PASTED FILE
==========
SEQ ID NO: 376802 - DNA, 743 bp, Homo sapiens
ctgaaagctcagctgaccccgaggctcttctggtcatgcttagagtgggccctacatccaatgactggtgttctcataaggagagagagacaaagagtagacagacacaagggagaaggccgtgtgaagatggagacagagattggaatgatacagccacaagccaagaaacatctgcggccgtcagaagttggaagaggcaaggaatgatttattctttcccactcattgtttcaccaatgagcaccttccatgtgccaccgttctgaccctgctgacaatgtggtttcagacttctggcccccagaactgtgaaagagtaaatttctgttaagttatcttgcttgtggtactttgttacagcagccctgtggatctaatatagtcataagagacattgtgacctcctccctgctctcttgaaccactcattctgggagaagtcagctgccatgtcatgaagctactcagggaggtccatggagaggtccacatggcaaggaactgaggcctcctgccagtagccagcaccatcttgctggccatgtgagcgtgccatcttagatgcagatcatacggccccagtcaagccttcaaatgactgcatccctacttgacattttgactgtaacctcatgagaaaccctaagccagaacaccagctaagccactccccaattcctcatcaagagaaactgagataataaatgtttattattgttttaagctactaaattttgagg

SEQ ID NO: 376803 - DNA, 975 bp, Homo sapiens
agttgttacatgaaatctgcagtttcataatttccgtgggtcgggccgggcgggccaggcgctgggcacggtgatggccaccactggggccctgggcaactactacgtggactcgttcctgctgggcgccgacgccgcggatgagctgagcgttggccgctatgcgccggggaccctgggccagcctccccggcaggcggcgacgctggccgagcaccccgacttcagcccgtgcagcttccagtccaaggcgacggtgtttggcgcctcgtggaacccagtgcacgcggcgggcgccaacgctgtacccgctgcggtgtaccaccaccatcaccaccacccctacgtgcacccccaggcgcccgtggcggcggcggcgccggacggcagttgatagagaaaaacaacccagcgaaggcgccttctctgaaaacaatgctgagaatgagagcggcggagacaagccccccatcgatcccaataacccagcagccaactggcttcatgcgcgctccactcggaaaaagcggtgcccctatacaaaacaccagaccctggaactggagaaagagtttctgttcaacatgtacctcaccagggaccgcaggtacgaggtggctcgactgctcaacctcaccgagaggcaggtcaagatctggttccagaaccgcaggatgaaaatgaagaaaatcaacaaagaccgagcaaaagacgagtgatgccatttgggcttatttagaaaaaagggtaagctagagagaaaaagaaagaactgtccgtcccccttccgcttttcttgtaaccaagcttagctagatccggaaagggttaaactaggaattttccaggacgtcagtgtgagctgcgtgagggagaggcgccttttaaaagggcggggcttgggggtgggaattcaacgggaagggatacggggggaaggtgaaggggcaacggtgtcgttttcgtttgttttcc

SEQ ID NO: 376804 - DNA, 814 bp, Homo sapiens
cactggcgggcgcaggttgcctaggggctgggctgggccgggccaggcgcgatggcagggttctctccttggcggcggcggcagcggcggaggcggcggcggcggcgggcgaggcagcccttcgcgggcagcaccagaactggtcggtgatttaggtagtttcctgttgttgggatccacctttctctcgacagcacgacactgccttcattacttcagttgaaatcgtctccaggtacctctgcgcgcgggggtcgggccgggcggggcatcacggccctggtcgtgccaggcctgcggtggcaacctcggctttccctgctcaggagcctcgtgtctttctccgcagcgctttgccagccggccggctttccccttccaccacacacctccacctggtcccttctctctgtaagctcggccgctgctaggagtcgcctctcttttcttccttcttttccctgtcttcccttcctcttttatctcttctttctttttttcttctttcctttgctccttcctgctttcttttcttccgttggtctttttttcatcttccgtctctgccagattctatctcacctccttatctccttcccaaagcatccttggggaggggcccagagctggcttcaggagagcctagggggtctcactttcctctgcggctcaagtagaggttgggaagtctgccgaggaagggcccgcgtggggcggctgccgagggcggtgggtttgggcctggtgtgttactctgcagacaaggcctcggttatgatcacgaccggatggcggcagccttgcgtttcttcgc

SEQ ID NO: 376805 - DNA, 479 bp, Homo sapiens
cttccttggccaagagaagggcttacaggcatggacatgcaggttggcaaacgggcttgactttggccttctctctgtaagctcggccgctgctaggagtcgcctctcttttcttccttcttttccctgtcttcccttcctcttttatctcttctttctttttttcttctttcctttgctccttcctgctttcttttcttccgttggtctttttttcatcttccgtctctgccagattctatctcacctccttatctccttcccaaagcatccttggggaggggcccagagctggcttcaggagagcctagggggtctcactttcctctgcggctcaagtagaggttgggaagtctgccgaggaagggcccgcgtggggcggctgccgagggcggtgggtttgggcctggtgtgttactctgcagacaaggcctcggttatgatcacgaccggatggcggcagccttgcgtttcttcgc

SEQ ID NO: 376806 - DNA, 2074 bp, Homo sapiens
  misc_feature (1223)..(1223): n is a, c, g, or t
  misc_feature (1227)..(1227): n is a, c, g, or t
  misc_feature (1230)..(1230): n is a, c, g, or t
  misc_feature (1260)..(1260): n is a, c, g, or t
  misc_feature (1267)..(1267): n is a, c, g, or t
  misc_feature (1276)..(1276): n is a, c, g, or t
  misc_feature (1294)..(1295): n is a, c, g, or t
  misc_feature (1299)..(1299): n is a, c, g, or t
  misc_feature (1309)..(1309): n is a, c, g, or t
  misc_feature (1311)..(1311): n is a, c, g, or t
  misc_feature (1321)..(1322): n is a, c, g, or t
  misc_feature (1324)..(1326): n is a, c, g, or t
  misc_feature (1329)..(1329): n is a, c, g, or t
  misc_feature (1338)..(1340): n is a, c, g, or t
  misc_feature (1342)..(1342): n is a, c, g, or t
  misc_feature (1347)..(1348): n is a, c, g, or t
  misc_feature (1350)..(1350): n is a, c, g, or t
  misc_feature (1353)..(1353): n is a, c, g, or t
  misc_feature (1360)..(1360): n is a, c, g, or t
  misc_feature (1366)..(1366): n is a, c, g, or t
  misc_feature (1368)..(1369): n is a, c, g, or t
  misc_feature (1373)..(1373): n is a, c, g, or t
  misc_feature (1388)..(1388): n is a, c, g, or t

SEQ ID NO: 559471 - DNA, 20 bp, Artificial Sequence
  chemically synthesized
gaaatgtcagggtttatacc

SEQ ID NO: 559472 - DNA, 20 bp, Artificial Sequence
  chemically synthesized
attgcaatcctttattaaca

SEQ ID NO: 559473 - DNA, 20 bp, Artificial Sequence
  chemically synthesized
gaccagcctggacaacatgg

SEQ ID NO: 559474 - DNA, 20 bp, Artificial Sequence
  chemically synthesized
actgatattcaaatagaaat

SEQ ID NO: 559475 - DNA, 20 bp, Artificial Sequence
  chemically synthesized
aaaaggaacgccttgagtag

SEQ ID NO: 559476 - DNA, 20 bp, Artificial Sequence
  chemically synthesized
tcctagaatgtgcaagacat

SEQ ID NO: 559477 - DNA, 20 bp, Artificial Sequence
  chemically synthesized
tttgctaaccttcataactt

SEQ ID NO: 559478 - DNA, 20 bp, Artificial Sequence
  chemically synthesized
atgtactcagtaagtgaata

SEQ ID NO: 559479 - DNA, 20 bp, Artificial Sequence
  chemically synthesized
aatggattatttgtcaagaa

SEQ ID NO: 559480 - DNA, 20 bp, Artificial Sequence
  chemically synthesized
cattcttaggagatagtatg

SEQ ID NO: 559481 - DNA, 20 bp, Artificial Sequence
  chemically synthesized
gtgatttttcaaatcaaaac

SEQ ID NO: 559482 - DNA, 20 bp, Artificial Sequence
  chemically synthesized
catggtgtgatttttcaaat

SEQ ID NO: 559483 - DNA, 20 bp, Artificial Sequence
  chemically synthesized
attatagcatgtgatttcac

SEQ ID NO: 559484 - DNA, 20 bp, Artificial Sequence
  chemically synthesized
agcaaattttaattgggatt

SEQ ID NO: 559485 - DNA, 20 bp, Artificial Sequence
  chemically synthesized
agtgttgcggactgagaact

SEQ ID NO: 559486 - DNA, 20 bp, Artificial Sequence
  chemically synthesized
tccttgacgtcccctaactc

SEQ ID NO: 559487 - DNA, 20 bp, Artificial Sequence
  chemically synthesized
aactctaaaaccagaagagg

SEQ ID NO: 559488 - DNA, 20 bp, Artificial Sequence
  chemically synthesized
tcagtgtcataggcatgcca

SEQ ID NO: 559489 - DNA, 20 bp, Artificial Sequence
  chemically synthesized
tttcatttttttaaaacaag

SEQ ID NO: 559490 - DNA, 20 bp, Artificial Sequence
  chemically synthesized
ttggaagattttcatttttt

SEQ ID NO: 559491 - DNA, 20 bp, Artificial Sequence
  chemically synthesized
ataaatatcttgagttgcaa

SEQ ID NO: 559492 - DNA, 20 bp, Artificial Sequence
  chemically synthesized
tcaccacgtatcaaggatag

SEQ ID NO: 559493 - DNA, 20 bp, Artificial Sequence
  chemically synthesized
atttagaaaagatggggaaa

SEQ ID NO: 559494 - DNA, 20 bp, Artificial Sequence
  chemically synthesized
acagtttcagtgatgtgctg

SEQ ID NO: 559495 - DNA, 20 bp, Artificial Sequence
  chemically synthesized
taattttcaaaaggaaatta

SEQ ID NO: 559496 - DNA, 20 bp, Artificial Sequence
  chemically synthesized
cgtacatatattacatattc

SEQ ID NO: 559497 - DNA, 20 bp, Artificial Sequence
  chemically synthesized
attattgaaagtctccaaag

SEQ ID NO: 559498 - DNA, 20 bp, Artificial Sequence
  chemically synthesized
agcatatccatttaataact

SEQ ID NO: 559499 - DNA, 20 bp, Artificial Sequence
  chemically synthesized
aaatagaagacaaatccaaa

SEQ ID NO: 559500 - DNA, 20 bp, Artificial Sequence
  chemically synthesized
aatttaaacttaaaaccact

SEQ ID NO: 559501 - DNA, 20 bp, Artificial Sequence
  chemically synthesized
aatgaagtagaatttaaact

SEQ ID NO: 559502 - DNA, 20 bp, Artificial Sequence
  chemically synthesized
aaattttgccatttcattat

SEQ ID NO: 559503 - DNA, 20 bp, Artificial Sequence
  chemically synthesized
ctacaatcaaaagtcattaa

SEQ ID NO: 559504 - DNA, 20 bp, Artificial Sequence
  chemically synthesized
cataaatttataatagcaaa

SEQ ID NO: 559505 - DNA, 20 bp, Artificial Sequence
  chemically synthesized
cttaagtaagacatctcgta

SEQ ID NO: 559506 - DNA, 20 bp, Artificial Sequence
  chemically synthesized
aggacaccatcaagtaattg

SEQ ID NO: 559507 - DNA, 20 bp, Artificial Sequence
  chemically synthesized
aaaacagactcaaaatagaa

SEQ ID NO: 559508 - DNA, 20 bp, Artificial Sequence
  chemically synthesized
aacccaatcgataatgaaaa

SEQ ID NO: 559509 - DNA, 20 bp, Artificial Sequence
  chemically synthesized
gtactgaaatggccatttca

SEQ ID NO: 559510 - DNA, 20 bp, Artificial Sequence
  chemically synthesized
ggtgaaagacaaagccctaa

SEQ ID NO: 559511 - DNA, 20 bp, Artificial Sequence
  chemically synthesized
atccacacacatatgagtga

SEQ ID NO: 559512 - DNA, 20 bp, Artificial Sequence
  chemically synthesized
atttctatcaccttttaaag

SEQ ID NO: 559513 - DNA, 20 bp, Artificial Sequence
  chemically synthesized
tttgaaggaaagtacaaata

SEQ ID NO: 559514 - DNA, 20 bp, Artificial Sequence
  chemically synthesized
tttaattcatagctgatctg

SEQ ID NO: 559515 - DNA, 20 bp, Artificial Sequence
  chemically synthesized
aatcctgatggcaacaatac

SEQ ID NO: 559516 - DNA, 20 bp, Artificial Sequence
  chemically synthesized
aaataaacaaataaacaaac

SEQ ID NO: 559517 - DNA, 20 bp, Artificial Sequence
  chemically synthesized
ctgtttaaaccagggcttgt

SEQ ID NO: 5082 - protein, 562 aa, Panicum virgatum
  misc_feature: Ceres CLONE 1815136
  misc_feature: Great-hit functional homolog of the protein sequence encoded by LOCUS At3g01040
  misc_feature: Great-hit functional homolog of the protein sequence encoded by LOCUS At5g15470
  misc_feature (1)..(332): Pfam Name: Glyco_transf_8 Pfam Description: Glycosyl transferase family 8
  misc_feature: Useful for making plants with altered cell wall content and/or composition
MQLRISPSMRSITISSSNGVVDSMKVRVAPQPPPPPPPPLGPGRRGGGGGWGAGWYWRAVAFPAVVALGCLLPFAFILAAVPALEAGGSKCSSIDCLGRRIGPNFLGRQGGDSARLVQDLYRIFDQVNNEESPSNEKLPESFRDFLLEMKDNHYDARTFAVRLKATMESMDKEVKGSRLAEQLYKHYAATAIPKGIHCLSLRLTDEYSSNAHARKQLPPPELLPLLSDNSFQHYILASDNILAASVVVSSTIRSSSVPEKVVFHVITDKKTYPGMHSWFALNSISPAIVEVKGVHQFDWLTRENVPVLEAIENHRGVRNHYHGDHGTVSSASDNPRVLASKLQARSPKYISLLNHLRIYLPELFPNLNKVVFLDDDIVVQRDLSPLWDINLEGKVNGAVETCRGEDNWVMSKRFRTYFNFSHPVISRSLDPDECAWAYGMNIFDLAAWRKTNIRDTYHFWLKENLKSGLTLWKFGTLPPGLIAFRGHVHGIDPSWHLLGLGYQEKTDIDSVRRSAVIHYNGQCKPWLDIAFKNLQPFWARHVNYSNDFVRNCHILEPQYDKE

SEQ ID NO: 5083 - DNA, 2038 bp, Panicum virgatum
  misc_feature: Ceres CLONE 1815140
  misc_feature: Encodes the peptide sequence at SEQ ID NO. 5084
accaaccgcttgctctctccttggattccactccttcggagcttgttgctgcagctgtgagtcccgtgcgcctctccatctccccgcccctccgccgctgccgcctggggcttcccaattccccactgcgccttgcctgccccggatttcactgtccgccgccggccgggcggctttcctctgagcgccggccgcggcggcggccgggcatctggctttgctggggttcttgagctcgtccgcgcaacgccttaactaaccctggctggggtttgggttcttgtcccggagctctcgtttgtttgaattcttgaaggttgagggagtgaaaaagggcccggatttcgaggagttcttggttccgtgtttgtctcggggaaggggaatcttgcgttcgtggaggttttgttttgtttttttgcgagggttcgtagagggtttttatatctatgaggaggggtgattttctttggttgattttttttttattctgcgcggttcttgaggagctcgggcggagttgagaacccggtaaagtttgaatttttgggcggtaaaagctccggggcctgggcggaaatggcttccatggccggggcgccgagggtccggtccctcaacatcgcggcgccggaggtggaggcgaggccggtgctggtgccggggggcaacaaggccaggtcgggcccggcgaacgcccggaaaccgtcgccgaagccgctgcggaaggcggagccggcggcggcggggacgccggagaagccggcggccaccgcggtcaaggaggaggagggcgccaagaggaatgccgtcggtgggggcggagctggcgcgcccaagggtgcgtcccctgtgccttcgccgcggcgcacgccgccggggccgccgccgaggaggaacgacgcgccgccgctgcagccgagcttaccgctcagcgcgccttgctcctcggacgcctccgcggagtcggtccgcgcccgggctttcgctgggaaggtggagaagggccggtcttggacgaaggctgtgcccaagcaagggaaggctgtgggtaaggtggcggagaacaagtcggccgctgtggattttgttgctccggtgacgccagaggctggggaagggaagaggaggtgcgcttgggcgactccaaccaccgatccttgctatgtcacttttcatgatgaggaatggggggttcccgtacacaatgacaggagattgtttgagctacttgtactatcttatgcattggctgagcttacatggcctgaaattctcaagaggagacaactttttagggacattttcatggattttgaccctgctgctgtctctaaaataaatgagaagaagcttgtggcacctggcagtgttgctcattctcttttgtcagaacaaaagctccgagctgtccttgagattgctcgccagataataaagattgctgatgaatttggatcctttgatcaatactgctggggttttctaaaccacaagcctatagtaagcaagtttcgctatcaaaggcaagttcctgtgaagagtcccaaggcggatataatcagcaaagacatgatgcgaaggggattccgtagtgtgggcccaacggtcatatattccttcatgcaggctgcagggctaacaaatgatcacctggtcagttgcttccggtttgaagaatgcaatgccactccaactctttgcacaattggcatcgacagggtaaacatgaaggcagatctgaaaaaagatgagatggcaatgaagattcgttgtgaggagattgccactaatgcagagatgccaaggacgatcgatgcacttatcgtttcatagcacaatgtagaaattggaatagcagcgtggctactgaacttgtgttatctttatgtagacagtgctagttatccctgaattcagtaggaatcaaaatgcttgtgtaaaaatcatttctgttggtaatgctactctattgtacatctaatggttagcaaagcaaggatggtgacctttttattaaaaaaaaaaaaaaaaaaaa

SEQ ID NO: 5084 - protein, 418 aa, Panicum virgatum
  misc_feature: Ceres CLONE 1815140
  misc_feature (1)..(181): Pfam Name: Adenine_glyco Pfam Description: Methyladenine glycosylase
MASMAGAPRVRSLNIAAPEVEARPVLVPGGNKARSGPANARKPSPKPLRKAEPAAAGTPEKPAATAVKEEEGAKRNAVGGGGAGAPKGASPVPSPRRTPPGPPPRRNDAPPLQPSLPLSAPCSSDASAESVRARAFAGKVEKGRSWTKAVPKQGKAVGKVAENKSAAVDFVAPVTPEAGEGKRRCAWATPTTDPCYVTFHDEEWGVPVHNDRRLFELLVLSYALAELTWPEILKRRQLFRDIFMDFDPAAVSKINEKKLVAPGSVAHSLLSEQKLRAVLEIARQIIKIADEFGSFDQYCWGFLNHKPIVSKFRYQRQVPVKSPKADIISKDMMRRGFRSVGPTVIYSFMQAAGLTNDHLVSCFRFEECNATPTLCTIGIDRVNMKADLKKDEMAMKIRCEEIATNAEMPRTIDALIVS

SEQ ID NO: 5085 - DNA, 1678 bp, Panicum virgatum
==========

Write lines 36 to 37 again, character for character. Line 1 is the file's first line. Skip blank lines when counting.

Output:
SEQ ID NO: 559472 - DNA, 20 bp, Artificial Sequence
  chemically synthesized